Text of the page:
by Dr. Rachel Ehrenfeld and Alyssa A. Lappen
Human Events | Jan. 23, 2008
All presidential candidates promise to fix our economy, but no one discusses the need to better safeguard our financial markets. The Committee on Foreign Investment in the U.S. (CFIUS), approved Bourse Dubai’s purchase of 20% of the America’s largest electronic exchange, New York-based Nasdaq, on Dec. 31, 2007.
This may soon give Dubai access to the troubled Boston Stock Exchange (BSE), through Nasdaq’s proposed BSE acquisition, which is now pending before the Securities and Exchange Commission (SEC).
“Foreign ownership of our capital markets may make it more difficult for shareholders to obtain information about the inner workings of the stock market,” notes Brent Baker, a former SEC Special Counsel. Nasdaq, like most U.S. exchanges, 5,100 brokerage houses and registered securities representatives, is regulated by the Washington, D.C.-based Financial Industry Regulatory Authority (FINRA). The Philadelphia Stock Exchange (PHLX), however, and the problematic BSE with its rather murky track record of non-compliance, retained their independent self-regulatory organization (SRO) status. Now, Nasdaq plans to purchase both.
“What do the regulators currently do to monitor the BSE, which up until now had been sanctioned several times for failure to regulate itself?” Baker wonders. Indeed, the SEC sanctioned the BSE in 1999 and 2007 for illegal practices. The September 5, 2007 sanction was for the BSE failure to enforce its own rules or comply with a 1999 SEC directive, and for illegal trading activities – including forward trading, from 1999 through 2004. On the same day, the U.S. District Court for the District of Massachusetts ordered former BSE President James Crofwell, to pay a $75,000 penalty “for aiding and abetting the Exchange’s failure to enforce its rules.”
The BSE history raises especially thorny questions about market manipulation and the possibility that unsupervised foreigner investors and securities firms may borrow or manipulate U.S. company stocks, adversely affecting domestic markets and further eroding investor confidence.
Since Bourse Dubai promotes its status as the world’s first and leading Islamic securities exchange, its influence could affect the listings on Nasdaq. Dubai might leverage the “sovereign immunity” of both the BSE and PHLX to list and delist companies on Nasdaq. SEC rules in that case could be irrelevant, and the effects on the U.S. capital markets and economy could be enormous. For example, pharmaceutical companies producing Viagra and contraceptives could be delisted, as could companies based in or doing business with Israel.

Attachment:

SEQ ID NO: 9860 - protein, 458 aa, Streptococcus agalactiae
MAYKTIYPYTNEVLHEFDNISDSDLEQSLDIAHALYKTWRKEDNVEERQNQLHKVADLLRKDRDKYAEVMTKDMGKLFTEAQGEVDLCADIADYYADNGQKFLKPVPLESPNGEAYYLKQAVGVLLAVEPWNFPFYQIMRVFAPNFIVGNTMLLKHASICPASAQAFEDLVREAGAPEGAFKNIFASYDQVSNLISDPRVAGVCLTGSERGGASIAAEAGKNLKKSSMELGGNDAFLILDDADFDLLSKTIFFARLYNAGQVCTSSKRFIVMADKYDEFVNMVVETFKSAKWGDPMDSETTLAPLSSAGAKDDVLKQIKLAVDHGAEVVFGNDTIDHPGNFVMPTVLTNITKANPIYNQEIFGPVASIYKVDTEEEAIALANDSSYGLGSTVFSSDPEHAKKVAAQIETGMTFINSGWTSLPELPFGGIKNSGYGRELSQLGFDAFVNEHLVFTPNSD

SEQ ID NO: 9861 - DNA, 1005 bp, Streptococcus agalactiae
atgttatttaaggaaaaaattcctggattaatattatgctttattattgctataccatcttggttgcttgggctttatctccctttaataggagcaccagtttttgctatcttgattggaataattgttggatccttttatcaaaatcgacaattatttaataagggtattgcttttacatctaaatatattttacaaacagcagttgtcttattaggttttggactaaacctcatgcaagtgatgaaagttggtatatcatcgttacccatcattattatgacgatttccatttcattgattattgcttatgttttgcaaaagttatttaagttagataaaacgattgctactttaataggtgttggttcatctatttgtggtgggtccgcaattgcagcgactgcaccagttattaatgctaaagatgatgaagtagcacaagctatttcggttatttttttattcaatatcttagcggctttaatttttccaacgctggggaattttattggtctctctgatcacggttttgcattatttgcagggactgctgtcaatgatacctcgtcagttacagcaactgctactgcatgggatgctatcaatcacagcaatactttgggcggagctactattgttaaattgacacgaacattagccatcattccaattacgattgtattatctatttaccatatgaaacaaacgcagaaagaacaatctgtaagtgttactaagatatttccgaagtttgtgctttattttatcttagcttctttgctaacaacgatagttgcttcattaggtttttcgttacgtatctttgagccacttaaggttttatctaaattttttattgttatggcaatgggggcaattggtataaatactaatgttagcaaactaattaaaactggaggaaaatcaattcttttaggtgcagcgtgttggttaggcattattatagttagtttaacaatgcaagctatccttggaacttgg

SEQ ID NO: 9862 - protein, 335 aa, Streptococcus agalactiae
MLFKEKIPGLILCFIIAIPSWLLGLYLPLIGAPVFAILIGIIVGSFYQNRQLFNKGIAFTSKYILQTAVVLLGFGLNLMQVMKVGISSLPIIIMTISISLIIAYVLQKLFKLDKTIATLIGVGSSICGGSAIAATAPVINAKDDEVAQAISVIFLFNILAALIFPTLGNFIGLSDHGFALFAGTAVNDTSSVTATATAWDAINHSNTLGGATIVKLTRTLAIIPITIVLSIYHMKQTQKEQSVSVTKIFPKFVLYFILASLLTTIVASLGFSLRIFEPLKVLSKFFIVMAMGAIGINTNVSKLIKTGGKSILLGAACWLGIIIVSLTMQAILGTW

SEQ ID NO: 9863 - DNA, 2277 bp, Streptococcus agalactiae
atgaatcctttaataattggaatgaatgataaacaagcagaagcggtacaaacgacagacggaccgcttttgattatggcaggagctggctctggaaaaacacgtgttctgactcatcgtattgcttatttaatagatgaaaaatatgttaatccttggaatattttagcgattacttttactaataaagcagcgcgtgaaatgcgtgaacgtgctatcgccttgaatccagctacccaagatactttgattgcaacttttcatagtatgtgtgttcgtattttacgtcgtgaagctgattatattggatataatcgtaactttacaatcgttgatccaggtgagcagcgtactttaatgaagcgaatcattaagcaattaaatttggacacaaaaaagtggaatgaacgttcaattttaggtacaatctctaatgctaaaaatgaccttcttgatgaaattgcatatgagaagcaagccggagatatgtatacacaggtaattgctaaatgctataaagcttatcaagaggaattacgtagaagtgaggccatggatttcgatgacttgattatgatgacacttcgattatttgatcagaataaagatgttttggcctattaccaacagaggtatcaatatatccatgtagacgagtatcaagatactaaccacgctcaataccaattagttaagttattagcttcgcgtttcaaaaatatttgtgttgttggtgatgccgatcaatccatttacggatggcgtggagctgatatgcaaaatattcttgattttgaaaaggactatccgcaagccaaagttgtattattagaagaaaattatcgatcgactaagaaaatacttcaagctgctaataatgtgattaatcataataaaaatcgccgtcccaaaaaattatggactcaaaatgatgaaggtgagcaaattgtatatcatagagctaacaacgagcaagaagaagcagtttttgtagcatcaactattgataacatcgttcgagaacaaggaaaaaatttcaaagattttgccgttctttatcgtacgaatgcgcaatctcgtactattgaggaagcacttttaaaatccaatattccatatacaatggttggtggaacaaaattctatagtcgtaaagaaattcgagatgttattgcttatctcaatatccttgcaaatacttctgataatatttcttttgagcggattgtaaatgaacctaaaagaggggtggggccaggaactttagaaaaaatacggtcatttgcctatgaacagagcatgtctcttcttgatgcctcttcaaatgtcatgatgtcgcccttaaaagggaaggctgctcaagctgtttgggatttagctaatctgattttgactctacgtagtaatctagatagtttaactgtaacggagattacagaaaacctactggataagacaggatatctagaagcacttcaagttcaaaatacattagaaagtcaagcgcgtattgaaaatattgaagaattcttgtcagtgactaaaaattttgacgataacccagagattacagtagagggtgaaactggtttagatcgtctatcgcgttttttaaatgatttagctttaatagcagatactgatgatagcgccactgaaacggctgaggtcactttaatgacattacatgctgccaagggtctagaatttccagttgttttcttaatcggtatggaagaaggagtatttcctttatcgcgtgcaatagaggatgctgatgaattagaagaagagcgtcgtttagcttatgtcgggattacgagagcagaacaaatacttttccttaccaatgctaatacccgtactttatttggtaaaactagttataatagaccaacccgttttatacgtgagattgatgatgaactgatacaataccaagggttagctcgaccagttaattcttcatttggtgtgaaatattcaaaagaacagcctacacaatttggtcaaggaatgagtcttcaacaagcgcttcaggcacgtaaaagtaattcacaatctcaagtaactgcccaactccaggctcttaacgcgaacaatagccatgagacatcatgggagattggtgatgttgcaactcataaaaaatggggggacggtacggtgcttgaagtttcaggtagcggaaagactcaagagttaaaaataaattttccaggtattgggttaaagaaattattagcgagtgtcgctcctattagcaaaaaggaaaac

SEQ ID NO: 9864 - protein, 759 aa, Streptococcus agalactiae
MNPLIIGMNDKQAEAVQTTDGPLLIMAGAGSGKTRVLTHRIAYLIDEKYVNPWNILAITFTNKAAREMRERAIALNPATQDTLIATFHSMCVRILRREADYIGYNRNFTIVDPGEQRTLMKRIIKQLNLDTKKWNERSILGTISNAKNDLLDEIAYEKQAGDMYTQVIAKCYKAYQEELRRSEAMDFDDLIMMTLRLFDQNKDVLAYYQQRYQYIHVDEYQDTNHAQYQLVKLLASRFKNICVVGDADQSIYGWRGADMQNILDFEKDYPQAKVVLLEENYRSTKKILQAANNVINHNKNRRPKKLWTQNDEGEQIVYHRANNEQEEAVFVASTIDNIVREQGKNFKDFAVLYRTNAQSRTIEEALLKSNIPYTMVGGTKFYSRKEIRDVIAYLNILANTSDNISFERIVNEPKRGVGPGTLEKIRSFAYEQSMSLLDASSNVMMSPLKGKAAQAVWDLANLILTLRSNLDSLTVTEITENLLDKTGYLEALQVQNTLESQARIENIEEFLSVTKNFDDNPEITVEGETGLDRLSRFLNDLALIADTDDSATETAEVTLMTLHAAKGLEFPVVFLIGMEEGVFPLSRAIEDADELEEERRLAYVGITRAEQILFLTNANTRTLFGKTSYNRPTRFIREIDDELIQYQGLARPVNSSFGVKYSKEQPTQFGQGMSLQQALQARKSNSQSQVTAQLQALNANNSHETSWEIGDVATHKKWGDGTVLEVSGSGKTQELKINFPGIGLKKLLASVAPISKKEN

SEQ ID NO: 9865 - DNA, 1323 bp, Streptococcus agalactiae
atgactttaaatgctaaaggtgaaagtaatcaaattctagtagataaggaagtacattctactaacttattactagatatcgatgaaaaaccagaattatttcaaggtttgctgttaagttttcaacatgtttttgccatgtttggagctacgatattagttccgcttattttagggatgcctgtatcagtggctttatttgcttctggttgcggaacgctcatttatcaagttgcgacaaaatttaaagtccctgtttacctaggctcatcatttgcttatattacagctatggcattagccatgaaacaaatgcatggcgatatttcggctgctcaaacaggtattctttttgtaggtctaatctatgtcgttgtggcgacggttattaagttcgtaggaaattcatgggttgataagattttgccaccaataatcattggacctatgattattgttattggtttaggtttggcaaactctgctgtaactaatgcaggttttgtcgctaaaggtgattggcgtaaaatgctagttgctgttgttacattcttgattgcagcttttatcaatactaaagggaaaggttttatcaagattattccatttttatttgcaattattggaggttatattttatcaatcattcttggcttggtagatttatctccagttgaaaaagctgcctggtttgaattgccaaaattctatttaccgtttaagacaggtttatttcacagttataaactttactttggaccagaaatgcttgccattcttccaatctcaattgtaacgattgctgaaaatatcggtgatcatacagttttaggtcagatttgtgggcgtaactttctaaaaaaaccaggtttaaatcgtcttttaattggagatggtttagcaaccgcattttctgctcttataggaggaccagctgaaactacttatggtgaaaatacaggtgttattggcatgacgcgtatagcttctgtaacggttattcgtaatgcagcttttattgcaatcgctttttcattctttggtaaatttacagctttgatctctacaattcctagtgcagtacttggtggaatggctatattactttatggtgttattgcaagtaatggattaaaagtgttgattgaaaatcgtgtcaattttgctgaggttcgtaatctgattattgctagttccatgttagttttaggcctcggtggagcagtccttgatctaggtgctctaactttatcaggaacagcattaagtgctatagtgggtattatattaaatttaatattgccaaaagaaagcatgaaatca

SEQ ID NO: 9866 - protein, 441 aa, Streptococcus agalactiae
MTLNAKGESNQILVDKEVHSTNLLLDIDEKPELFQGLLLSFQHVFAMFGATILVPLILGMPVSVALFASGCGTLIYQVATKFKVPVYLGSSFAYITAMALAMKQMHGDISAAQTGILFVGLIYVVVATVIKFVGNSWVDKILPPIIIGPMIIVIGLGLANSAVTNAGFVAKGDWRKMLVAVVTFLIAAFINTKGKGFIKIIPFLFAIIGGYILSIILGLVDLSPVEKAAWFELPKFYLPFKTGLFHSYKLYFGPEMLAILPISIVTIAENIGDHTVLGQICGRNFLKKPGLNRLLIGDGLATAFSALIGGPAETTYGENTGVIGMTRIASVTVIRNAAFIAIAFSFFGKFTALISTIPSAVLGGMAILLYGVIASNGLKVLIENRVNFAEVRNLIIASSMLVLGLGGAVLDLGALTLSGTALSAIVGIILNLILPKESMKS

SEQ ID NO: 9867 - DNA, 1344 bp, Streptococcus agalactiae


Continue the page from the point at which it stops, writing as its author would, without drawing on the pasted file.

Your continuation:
“This is a slippery slope,” says Baker, “if the SEC approves the Nasdaq’s purchase of the BSE and PHLX, and they both keep their SRO licenses.”
American regulators “believe in honest and complete disclosure and people invest with the understanding that they will make or loose money depending on their judgment, the markets and the economy,” says John W. Moscow, former Assistant District Attorney and Deputy Chief of Investigations under New York District Attorney Robert Morgenthau.
“In England,” where Dubai will shortly acquire Nasdaq’s 28% stake in the London Stock Exchange, he says, “the governing philosophy is that if God did not want [investors] shorn, he would not have made them sheep.”
The integrity of regulations in Dubai is a more important problem. To attract business, “they are willing to omit the costs of regulation and compliance that exist elsewhere.” Dubai traders deal in arms, women, drugs, and money laundering. “As long as [traders] deliver the money, and so long as the market does what it is supposed to do, it is sufficient,” says Moscow.
The U.S. markets are already in big trouble, says Moscow, given the high trading volume between U.S. and foreign exchanges through shadow accounts to the Federal Reserve Board’s Depository Trust Corporation (DTC), Euroclear and other clearing systems. Nasdaq’s acquisition of the BSE only worsens the problem.
The same owner, through many different foreign corporate entities, can buy majority stakes in many companies and manipulate the market. With no regulation of these trades, no one would be the wiser. “The bad guys are going to eat us alive,” Moscow says.
Indeed, SEC chairman Christopher Cox has now proposed allowing foreign exchanges to sell directly to U.S. investors through U.S.-based brokerage firms. Exchanges with “comparable” regulatory oversight would no longer need to register with the SEC, under the new proposal. But of course, having comparable regulations alone in no way ensures that foreign exchanges enforce their regulations with the same rigor as the SEC.
The U.S. markets remain the most highly and efficiently regulated in the world, according to Moscow. Clearly, that is still not good enough.
— Rachel Ehrenfeld, author of Funding Evil, is director of the American Center of Democracy, and a member of the board of the Committee for the Present Danger. Alyssa A. Lappen, a senior fellow at ACD, is a former editor of Institutional Investor, Working Woman , Corporate Finance and Forbes.
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